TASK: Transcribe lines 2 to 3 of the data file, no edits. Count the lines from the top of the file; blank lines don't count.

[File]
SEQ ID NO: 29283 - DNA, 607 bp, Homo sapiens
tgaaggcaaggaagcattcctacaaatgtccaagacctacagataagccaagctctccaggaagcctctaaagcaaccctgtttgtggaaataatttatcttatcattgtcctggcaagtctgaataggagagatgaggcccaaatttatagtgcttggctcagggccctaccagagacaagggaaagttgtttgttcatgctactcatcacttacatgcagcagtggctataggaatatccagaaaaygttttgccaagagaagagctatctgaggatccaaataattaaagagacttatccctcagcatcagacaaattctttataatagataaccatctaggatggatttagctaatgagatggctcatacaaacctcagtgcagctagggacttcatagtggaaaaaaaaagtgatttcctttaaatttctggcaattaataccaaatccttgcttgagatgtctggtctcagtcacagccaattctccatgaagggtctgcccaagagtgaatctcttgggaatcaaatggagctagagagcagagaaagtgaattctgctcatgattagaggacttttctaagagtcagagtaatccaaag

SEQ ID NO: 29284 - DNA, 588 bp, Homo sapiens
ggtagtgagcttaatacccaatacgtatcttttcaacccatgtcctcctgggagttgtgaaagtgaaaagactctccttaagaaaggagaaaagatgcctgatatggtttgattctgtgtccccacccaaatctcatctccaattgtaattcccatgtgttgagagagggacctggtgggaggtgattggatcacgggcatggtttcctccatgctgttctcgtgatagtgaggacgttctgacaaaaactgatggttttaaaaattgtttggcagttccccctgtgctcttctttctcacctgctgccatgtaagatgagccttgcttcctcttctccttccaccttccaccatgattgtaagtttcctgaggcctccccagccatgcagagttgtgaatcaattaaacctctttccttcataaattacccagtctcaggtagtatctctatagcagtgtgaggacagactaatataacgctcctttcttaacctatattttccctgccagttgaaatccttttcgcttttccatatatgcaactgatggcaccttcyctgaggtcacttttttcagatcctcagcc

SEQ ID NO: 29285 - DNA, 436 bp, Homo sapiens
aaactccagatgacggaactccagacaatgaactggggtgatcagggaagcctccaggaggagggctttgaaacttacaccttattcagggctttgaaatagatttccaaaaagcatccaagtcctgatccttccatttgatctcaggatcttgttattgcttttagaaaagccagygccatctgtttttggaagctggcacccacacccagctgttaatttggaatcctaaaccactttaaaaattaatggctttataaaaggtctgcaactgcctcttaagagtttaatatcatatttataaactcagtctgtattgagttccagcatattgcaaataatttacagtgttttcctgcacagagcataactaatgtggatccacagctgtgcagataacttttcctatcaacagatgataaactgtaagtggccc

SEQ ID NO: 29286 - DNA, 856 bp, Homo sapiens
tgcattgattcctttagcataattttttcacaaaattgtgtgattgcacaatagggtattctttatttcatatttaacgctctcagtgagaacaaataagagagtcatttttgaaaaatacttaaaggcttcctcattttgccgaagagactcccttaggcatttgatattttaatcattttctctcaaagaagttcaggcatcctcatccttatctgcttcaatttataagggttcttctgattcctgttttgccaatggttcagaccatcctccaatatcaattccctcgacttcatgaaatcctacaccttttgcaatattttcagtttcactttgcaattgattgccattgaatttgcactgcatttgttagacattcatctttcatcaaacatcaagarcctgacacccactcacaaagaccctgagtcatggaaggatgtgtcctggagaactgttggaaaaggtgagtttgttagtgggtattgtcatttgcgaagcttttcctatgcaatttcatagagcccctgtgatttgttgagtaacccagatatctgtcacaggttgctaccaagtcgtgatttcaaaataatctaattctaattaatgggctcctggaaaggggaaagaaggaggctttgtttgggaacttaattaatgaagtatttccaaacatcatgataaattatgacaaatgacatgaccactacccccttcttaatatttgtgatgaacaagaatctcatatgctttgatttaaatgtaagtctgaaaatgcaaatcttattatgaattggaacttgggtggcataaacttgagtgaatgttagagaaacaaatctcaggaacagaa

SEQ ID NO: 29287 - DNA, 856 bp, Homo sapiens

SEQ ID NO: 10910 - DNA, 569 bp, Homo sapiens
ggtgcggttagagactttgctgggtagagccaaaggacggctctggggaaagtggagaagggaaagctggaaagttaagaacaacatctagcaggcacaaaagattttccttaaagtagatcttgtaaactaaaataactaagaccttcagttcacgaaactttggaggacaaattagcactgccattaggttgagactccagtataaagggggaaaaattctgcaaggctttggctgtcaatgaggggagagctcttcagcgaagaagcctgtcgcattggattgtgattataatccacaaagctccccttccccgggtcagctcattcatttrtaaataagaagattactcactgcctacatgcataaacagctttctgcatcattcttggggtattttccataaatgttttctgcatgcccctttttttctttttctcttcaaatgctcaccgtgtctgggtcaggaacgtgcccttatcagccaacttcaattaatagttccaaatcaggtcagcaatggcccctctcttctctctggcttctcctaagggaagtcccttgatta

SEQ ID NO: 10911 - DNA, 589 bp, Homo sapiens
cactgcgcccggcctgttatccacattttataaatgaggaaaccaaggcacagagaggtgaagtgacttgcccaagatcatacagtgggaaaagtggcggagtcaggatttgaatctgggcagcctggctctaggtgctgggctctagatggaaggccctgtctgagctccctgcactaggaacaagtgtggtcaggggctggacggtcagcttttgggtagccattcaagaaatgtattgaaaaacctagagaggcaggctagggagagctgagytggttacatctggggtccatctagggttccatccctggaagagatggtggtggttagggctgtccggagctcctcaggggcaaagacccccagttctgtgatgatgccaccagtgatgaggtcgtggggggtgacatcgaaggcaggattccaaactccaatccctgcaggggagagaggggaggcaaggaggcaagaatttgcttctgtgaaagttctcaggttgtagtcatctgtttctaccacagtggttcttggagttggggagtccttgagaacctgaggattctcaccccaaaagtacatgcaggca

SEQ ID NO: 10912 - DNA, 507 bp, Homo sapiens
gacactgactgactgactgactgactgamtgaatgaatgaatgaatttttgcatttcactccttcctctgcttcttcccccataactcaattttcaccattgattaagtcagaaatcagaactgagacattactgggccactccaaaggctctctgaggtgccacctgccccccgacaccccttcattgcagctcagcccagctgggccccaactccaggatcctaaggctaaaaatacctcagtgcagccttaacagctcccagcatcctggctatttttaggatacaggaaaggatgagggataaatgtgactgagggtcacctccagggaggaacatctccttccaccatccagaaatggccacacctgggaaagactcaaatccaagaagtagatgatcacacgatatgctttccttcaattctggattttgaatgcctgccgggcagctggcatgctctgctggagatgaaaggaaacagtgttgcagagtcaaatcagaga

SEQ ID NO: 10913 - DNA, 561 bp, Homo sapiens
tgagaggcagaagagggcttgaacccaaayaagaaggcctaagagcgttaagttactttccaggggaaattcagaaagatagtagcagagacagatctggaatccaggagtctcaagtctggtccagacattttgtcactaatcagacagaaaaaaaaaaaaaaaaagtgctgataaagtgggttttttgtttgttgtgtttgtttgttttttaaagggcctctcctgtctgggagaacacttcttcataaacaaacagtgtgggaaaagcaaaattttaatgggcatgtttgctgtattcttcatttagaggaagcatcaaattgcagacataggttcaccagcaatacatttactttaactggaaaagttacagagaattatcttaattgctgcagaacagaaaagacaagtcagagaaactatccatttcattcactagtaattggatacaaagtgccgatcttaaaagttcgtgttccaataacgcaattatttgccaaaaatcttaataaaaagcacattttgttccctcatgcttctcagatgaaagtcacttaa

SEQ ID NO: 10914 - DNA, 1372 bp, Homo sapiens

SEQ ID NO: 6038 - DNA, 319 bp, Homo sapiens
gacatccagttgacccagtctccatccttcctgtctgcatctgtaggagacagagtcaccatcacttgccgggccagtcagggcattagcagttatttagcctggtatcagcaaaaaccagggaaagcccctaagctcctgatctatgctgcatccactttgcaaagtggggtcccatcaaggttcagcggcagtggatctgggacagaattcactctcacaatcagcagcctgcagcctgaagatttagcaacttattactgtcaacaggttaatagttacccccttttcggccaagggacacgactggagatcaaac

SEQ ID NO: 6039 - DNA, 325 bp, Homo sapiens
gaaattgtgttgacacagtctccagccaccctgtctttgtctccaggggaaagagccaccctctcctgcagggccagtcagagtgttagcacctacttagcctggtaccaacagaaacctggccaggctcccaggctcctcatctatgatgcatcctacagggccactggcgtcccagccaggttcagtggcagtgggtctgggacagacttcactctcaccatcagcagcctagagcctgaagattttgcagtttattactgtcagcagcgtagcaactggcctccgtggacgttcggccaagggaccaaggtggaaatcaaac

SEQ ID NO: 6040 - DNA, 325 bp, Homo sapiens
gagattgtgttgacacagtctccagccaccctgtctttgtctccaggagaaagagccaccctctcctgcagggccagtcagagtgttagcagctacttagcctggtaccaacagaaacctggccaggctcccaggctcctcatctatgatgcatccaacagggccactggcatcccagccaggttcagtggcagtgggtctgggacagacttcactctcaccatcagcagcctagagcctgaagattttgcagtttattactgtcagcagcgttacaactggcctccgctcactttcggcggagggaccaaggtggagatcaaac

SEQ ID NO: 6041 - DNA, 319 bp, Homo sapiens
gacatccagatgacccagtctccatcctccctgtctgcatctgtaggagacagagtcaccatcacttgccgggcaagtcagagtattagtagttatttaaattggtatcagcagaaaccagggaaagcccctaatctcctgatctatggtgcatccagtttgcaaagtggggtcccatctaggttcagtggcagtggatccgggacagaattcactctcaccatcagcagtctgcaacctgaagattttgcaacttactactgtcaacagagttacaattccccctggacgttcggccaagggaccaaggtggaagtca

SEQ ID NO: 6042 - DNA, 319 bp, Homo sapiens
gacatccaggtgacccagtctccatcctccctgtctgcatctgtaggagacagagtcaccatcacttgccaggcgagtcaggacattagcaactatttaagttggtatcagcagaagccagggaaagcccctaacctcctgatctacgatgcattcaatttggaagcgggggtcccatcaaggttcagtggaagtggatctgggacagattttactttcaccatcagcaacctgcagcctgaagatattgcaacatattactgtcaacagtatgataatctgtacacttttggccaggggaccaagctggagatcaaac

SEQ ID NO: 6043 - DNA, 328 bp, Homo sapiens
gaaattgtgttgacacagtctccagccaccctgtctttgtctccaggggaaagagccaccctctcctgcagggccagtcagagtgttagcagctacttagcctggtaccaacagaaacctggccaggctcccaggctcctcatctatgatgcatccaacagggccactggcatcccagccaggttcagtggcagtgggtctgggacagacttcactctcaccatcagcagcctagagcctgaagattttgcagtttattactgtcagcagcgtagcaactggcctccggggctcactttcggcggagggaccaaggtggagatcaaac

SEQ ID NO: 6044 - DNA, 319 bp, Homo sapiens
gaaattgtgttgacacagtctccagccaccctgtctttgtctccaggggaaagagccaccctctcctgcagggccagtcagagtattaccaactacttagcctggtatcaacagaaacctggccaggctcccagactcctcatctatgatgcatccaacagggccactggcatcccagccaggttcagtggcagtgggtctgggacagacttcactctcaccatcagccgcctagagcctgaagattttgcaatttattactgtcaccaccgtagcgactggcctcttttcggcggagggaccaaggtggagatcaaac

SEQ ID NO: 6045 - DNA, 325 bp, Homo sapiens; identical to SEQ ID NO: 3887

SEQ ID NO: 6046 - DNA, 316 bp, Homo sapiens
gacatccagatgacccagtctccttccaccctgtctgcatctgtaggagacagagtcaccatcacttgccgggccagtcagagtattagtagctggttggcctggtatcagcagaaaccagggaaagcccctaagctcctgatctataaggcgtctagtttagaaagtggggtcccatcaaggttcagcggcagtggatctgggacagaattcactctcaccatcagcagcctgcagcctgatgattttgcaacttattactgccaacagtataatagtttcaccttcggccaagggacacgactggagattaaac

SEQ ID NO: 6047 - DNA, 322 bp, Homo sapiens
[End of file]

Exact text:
tgaaggcaaggaagcattcctacaaatgtccaagacctacagataagccaagctctccaggaagcctctaaagcaaccctgtttgtggaaataatttatcttatcattgtcctggcaagtctgaataggagagatgaggcccaaatttatagtgcttggctcagggccctaccagagacaagggaaagttgtttgttcatgctactcatcacttacatgcagcagtggctataggaatatccagaaaaygttttgccaagagaagagctatctgaggatccaaataattaaagagacttatccctcagcatcagacaaattctttataatagataaccatctaggatggatttagctaatgagatggctcatacaaacctcagtgcagctagggacttcatagtggaaaaaaaaagtgatttcctttaaatttctggcaattaataccaaatccttgcttgagatgtctggtctcagtcacagccaattctccatgaagggtctgcccaagagtgaatctcttgggaatcaaatggagctagagagcagagaaagtgaattctgctcatgattagaggacttttctaagagtcagagtaatccaaag

SEQ ID NO: 29284 - DNA, 588 bp, Homo sapiens